Democrats using nasty GOP primary against US Senate nominee
SOUTH BEND, Ind. — could Indiana’s nasty Republican U.S. Senate primary hurt the GOP nominee in the general election?
Democrats are already rolling out ads against Mike Braun saying his own party doesn’t support him.
I took no time for words used during the four Republican U.S. Senate primary debates to backfire on the GOP.
An ad from American Bridge, a Democrat-affiliated political action committee, was uploaded to YouTube less than 24 hours after Braun took the stage at his victory party to accept the nomination.
The Indiana Democratic Party (IDP) picked up on that strategy too.
“We wanted to show that Mike Braun is going to have a hard time winning over voters if he can’t even win over members of his own party who have been skeptical of him or who have been outright hostile towards him,” said Michael Feldman, a spokesman for IDP.
IDP released an ad of its own, using Congressmen Luke Messer and Todd Rokita’s own words against the guy they said they would support.
While Hoosier Republicans say Thursday’s rally in Elkhart led by President Donald Trump was proof the party is on the same page, Feldman says he doesn’t believe it, especially considering only one of Braun’s primary opponents showed up.
“I think what this means is that this party is still far from unified,” said Feldman.
But do those ads matter to voters?
“Democrats have to be very careful that they’re not feeding into something that implemented something that has already been tested and resolved,” said Darren Davis, Notre Dame political science professor.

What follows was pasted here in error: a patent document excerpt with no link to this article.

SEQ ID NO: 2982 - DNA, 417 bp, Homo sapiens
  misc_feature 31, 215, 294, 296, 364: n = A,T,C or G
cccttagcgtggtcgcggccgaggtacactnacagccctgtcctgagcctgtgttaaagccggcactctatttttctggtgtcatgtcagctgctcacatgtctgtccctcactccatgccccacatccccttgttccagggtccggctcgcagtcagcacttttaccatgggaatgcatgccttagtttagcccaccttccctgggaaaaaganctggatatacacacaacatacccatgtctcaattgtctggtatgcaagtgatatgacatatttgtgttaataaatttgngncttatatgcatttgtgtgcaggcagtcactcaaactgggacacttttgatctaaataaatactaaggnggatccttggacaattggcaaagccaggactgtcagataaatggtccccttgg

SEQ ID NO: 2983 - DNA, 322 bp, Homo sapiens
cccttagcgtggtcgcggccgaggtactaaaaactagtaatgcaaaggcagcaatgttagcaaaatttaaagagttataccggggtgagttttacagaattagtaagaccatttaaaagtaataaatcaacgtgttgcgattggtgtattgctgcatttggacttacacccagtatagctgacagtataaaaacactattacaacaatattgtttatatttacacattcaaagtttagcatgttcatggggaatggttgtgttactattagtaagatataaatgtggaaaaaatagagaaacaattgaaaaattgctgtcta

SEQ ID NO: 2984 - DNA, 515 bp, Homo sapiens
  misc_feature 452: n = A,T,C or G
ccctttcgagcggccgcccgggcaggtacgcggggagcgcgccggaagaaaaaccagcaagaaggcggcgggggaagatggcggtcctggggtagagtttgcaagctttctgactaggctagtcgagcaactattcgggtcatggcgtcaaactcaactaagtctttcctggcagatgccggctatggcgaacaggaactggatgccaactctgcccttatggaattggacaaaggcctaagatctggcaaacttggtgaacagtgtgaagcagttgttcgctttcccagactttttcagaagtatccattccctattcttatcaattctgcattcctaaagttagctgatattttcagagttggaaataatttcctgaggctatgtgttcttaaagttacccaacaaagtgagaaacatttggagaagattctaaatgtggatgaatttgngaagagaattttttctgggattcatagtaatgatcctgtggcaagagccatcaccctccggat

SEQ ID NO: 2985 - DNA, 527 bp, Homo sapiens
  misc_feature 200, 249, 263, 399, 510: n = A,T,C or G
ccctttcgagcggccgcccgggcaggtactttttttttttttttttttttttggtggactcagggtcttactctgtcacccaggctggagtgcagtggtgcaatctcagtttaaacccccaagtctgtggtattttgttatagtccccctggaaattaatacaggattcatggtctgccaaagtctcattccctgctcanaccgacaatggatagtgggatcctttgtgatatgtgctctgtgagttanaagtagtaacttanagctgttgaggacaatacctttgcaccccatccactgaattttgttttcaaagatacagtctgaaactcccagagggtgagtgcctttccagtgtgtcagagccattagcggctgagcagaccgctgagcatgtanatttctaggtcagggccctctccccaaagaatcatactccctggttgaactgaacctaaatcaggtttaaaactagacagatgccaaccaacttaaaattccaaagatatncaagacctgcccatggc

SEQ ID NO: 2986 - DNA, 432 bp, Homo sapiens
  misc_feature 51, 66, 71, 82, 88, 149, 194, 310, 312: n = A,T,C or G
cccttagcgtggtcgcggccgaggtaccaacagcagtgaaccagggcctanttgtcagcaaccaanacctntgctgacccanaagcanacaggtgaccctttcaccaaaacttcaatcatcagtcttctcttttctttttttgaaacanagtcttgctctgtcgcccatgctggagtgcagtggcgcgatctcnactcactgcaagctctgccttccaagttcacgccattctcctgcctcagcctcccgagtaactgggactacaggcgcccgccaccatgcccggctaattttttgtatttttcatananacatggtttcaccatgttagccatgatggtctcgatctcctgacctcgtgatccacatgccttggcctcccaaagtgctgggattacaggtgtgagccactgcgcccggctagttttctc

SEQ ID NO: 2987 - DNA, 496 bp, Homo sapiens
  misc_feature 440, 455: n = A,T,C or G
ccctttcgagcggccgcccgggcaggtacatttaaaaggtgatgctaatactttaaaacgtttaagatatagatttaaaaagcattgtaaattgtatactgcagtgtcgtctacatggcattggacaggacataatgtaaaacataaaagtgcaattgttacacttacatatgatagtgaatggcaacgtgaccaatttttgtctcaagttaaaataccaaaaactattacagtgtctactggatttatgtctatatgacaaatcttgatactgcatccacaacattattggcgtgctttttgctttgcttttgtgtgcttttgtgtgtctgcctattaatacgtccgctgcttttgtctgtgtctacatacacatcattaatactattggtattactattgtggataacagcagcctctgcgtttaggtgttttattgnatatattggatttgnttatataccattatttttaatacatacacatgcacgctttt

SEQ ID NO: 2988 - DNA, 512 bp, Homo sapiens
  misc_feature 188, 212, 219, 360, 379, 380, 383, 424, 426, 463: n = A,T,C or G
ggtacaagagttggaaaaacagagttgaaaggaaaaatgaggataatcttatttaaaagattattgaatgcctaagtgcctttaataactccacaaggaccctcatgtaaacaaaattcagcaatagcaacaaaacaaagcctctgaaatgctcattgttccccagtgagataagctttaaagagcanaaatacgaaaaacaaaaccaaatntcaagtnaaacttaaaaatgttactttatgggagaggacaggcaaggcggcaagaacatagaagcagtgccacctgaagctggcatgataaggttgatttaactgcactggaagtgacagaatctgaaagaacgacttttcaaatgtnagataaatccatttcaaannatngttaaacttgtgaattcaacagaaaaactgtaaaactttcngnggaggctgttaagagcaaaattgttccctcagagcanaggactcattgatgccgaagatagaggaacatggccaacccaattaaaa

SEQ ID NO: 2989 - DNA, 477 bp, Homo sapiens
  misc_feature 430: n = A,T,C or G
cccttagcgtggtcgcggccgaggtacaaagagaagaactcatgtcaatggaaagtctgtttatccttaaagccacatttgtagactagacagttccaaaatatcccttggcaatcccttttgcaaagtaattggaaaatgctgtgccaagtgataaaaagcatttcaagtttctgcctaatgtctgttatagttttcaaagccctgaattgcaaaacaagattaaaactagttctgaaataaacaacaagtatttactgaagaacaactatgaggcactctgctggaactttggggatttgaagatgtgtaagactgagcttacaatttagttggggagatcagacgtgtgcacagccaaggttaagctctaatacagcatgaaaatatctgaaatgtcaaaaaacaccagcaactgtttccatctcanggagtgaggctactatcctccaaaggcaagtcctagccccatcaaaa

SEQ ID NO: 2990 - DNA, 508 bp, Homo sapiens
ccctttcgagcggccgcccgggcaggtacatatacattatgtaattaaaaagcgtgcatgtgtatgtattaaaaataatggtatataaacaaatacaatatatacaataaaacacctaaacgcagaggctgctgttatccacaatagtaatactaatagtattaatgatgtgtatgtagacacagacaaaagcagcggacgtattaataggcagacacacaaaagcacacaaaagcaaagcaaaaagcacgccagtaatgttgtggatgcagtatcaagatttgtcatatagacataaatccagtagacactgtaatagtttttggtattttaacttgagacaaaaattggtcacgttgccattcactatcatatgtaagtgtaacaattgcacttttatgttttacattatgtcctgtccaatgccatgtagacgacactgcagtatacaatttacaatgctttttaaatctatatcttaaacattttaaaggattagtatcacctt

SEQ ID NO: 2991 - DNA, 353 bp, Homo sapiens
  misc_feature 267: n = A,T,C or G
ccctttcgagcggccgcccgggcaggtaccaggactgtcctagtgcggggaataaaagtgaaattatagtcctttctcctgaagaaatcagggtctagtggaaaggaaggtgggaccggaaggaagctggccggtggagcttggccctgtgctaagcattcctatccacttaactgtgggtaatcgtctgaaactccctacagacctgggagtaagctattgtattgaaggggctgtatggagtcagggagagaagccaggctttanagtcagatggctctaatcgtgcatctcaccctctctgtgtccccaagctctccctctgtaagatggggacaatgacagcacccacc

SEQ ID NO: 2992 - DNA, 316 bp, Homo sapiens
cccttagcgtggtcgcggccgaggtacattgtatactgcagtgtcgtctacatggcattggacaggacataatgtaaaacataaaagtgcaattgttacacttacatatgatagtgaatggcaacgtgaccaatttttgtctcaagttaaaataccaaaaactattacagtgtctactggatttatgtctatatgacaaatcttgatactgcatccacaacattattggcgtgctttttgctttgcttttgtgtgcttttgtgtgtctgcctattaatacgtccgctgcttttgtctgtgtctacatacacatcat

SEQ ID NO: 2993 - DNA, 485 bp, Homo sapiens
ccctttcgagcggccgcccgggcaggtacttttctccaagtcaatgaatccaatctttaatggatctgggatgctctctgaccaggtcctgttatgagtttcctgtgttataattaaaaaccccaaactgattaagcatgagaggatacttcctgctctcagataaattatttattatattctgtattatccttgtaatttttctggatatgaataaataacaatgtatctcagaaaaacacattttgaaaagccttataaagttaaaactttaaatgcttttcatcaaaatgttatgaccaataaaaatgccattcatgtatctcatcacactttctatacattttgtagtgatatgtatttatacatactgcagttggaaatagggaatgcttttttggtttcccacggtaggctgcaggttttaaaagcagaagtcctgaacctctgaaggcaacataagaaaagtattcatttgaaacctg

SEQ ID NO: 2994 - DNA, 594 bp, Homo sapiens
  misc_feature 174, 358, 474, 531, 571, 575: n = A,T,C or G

Prof. Davis says turning their own comments on the GOP in the age of soundbite-driven politics is just another form of negative campaigning.
It’s not new to elections but it’s fairly unique in this senate race.
He says all three Republican candidates aggressively attacked each other in an effort to become more like President Trump, who won the state by 19-points in 2016.
He believes they thought that could galvanize the president’s supporters.
Considering they’ve heard it before, Prof. Davis believes replaying the rhetoric used during the primary might not be too effective.
“Democrats will have to figure out what is the particular messaging,” he said. “The Republicans have to figure out what is the best way to mobilize voters.”
Josh Kelly, a spokesperson for Mike Braun’s camp, dismissed the ads. He said in part in a statement:
“Joe Donnelly and the Democrats are desperate. After President Trump gave Mike Braun a huge boost last week, Democrat Donnelly knows his days are numbered.”
Pete Seat, spokesman for the Indiana’s Republican Party said in a statement:
“A few comments made during a contentious primary won’t distract from Democrat Joe Donnelly’s decade-long record of championing Nancy Pelosi and Chuck Schumer’s liberal priorities.”
However, both ads aren’t affiliated with Donnelly’s campaign.
He said in a statement, he’d prefer to spend his energy getting his message out to voters in all 92 counties. Part of the statement read:
“I’ve always believed the best political campaign that I can run is to just do my job and work every single day in a bipartisan, commonsense way to deliver for the people of Indiana.”